The creator of a play likened to a “10th-century version of a Ted Talk” wants women to be more attuned with their warrior spirits.
As part of the Port Theatre’s ongoing Discovery Series, Gabriola Island’s Melanie Teichroeb will debut Shield Maiden for a Nanaimo audience.
“I don’t think women are particularly aware of their inner strength, their warrior spirit,” said the playwright. “Even though they have to tap into it all the time for all kinds of different reasons – whether they’re advocating for themselves in the workplace, or their home life, or even for their health. I don’t think women are consciously aware of how much they’re fighting for themselves and others.”
When stepping into the motivational character of Ingrid Larsdottir, Teichroeb said she was surprised by how greatly the fictional Viking impacted her own life. The Viking warrior isn’t based on a single idea or any one person in particular, but rather an amalgamation of all the women the playwright has known in her life – and even considers the character to be a reflection of the woman she wishes she could be. As a self-professed nurturer and motherly figure, Teichroeb grappled to define what her own “warrior energy” looked liked, how she could manage it, and what it might look like to others.
“It was not easy,” Teichroeb said, adding that the character isn’t shackled by modern-day sexism and much of what she says can sound shocking. “And it’s meant to shock and poke us a little bit – out of what we’ve become accustomed to, in terms of gender-normative behaviour.”
The premise of Shield Maiden portrays Ingrid Larsdottir as an unpractised public speaker looking to recruit warriors, and in turn, “unintentionally taps into some old traumas” and motivations on why the character became a shield maiden in the first place.
“There’s a lot of trauma-informed moments in the play. And I think pretty much every human is trauma informed, to different degrees,” Teichroeb said. “And I think she’s genuinely able to access that, acknowledge it, make jokes about it and move on. So I think there’s just this awareness that we all are slightly damaged, doing the very best we can in the world. And I think Ingrid gives us an opportunity to acknowledge that and be grateful for the gifts that our trauma has given us. And try to find humour in the moment.”
Although the play does not necessarily include audience participation, the fourth wall is broken when the character directly addresses the “rowdy crowd” before her.
To Teichroeb, it was important to tell this story as a stage production since she believes performing it in front of a live audience has the potential for further connection while working through feelings and issues stirred up by the subject matter. The playwright also said a live production provides further accessibility to those for whom reading text isn’t always easy. The Port Theatre staging will also include an ASL interpretation, as requested by Teichroeb, so the deaf and heard of hearing community can enjoy the experience with ease as well.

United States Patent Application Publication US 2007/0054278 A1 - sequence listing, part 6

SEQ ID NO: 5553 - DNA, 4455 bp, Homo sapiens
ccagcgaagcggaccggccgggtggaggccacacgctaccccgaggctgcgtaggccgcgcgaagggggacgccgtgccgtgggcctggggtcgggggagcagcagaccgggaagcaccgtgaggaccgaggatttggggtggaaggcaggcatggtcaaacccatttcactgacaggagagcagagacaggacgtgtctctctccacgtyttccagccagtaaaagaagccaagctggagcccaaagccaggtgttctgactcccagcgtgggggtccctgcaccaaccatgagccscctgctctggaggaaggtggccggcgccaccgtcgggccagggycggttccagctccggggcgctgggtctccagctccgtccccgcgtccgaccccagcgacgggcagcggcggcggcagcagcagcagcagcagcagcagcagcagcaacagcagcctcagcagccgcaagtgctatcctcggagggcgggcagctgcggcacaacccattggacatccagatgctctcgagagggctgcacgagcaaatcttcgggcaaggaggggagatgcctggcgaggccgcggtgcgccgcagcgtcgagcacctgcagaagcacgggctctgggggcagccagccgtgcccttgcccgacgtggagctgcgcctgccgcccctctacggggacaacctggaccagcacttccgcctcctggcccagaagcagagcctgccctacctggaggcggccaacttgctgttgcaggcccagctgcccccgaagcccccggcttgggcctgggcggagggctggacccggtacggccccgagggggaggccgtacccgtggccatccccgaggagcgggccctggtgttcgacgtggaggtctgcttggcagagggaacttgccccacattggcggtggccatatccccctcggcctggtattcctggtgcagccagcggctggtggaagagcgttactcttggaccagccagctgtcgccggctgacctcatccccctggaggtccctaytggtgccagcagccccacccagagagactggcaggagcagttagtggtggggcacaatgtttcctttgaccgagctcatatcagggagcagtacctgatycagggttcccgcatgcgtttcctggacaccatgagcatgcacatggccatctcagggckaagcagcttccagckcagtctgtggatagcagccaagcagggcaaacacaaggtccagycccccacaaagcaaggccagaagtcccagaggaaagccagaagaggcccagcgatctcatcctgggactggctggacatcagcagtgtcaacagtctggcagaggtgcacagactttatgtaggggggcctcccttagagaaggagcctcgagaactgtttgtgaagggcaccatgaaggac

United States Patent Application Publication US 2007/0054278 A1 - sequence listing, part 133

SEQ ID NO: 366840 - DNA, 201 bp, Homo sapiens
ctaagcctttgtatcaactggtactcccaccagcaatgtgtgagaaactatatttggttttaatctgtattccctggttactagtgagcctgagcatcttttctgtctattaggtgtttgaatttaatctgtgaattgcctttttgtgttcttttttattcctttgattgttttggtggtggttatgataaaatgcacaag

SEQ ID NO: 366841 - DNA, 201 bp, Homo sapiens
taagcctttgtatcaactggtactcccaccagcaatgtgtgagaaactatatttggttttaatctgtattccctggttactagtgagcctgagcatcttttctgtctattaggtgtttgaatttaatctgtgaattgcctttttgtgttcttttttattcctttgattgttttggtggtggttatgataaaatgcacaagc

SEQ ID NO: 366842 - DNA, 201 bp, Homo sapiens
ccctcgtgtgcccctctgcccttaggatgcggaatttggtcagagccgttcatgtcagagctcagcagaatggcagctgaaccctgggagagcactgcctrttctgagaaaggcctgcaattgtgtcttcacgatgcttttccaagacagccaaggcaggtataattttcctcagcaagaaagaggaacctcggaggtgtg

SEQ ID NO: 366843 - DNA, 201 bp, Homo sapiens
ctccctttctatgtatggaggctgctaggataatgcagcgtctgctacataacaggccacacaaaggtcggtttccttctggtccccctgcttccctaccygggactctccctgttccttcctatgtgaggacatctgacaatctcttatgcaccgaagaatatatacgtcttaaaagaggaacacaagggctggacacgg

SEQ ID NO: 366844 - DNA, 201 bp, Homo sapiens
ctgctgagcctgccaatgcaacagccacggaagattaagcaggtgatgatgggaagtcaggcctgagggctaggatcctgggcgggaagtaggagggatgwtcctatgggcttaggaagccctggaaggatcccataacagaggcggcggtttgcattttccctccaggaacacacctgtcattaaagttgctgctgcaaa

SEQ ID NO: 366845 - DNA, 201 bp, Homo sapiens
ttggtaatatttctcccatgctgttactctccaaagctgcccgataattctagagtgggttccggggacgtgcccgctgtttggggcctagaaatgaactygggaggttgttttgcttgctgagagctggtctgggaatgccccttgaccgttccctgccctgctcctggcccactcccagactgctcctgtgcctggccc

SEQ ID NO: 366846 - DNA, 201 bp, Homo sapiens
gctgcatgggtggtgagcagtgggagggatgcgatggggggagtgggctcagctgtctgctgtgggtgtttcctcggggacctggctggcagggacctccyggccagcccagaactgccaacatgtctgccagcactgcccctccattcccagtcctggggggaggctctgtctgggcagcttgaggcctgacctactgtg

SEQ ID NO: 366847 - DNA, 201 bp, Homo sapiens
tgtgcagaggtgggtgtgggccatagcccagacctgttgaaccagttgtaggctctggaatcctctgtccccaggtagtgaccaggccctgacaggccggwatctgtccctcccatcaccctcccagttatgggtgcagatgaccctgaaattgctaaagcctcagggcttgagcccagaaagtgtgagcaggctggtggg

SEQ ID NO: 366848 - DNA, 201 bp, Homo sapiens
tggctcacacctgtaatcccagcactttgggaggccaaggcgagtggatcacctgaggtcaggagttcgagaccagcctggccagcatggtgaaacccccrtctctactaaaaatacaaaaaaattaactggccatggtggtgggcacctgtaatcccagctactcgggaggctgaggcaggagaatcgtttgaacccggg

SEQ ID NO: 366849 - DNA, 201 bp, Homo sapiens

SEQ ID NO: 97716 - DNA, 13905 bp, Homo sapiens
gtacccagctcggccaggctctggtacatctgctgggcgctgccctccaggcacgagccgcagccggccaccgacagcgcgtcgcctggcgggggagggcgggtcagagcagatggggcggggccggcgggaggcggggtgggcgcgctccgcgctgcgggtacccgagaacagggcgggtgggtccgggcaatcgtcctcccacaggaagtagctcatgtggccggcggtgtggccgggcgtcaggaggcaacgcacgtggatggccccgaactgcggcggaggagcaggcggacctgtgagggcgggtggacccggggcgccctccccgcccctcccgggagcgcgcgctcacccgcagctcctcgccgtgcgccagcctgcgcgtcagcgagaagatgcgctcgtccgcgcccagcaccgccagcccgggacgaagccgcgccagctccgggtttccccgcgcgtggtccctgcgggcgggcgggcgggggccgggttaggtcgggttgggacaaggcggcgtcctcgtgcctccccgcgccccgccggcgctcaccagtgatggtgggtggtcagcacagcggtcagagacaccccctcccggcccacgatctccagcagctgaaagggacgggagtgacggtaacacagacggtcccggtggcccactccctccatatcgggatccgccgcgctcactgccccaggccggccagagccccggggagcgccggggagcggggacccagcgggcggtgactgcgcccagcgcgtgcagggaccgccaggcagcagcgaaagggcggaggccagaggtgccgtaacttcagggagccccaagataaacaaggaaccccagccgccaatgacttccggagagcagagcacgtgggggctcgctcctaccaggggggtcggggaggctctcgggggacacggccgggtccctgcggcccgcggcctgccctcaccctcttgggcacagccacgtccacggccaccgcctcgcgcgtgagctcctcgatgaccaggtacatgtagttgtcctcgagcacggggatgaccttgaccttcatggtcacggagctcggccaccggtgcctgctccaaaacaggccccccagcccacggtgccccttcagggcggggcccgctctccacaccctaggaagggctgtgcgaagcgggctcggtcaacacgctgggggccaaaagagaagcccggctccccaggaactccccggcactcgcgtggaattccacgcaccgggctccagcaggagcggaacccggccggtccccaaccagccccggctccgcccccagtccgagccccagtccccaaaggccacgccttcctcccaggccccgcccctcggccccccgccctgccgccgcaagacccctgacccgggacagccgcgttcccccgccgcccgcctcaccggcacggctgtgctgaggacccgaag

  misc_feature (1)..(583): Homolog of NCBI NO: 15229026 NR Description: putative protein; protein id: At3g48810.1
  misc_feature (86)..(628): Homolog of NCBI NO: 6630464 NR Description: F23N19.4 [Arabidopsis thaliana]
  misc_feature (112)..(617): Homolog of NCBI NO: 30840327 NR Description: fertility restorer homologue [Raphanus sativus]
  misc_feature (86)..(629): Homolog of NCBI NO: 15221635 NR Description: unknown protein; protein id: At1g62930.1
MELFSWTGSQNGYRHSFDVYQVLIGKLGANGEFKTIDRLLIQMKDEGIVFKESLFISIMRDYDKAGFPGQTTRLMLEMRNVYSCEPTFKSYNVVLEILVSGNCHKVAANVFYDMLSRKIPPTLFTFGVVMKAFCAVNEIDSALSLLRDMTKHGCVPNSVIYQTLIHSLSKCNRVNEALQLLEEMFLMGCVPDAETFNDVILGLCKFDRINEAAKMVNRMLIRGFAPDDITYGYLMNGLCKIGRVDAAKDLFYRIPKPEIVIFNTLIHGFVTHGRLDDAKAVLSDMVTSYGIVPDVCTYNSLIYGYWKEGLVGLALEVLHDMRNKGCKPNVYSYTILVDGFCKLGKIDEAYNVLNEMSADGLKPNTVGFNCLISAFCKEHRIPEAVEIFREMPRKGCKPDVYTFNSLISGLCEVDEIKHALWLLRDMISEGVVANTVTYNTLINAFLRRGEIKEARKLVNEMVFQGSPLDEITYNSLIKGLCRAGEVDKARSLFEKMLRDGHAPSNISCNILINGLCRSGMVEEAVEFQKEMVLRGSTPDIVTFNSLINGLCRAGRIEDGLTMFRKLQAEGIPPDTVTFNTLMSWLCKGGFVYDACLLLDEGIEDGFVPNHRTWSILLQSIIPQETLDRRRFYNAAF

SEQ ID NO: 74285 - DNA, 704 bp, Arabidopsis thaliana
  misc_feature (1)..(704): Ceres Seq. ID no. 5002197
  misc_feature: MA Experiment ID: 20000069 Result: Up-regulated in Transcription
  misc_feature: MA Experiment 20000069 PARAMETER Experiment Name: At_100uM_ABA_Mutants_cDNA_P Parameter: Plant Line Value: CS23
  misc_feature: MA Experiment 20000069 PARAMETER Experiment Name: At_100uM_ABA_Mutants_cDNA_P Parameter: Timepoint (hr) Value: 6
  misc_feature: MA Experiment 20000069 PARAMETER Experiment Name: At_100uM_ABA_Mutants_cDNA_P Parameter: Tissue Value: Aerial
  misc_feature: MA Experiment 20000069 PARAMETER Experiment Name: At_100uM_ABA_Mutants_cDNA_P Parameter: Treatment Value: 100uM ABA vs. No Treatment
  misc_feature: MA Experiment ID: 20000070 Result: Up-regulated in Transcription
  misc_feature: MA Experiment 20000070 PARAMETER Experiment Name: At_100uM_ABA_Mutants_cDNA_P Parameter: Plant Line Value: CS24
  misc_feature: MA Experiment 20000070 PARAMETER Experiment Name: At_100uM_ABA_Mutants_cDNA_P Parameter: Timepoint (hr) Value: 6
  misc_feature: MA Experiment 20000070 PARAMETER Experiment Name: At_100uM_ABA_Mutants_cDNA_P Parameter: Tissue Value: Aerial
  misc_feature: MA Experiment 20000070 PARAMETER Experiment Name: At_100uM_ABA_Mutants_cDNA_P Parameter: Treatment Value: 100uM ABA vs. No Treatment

Shield Maiden was written in 2018 and launched at the annual Gabriola Art Council’s Cultivate Festival the same year. Since Teichroeb made a full-length video of the first performance, she submitted it to FronteraFest in Austin, Texas, and was invited to perform in 2019. Later that year, the play was also staged at the United Solo Theatre Festival in New York City.
The playwright said she had been gearing up for a big touring season in 2020, but was unexpectedly shut down by safety regulations at the start of the pandemic. The summer of 2022 brought about a resurgence of the show with several performances in the interior of B.C. and Teichroeb said she aspires to soon take the one-woman comedy across Canada.
The inspiration for the character, and her unapologetic nature, arose from a National Geographic article which stated a historical archaeological dig had been done approximately 100 years ago in Sweden of a high-status Viking warrior’s grave – at that time, believed to be a man. However, in 2017, archaeologists performed DNA sample testing and determined the skeletal remains belonged to a female body.
“So I thought, what a great character to bring to life when all these women are speaking their truths and standing up to all kinds of sexual abuse and harassment…. and this woman probably has something to say,” Teichroeb said, adding that she started the essentials of the play during the #MeToo movement.
The playwright also considered a “what if” scenario for Shield Maiden, specifically, what if history had included the stories of more women leaders from the beginning, and how would that have impacted how modern women view themselves in positions of power, or how might that change how men view women in power had history been more inclusive.
Following the Port Theatre staging, Teichroeb will host a post-show chat with Vancouver Island University professor Joy Gugeler and First Nations advocate Stephanie Johnson, where they will riff on some of the themes from the play and invite the audience to ask questions and share comments.
“It’s always a really juicy time right after the show, because the show does stir up a lot of stuff in people… It’s a wild ride,” Teichroeb said.
Shield Maiden will be staged for one night only at the Port Theatre on Thursday, March 16, at 7:30 p.m.
Tickets can be purchased online through www.porttheatre.com.
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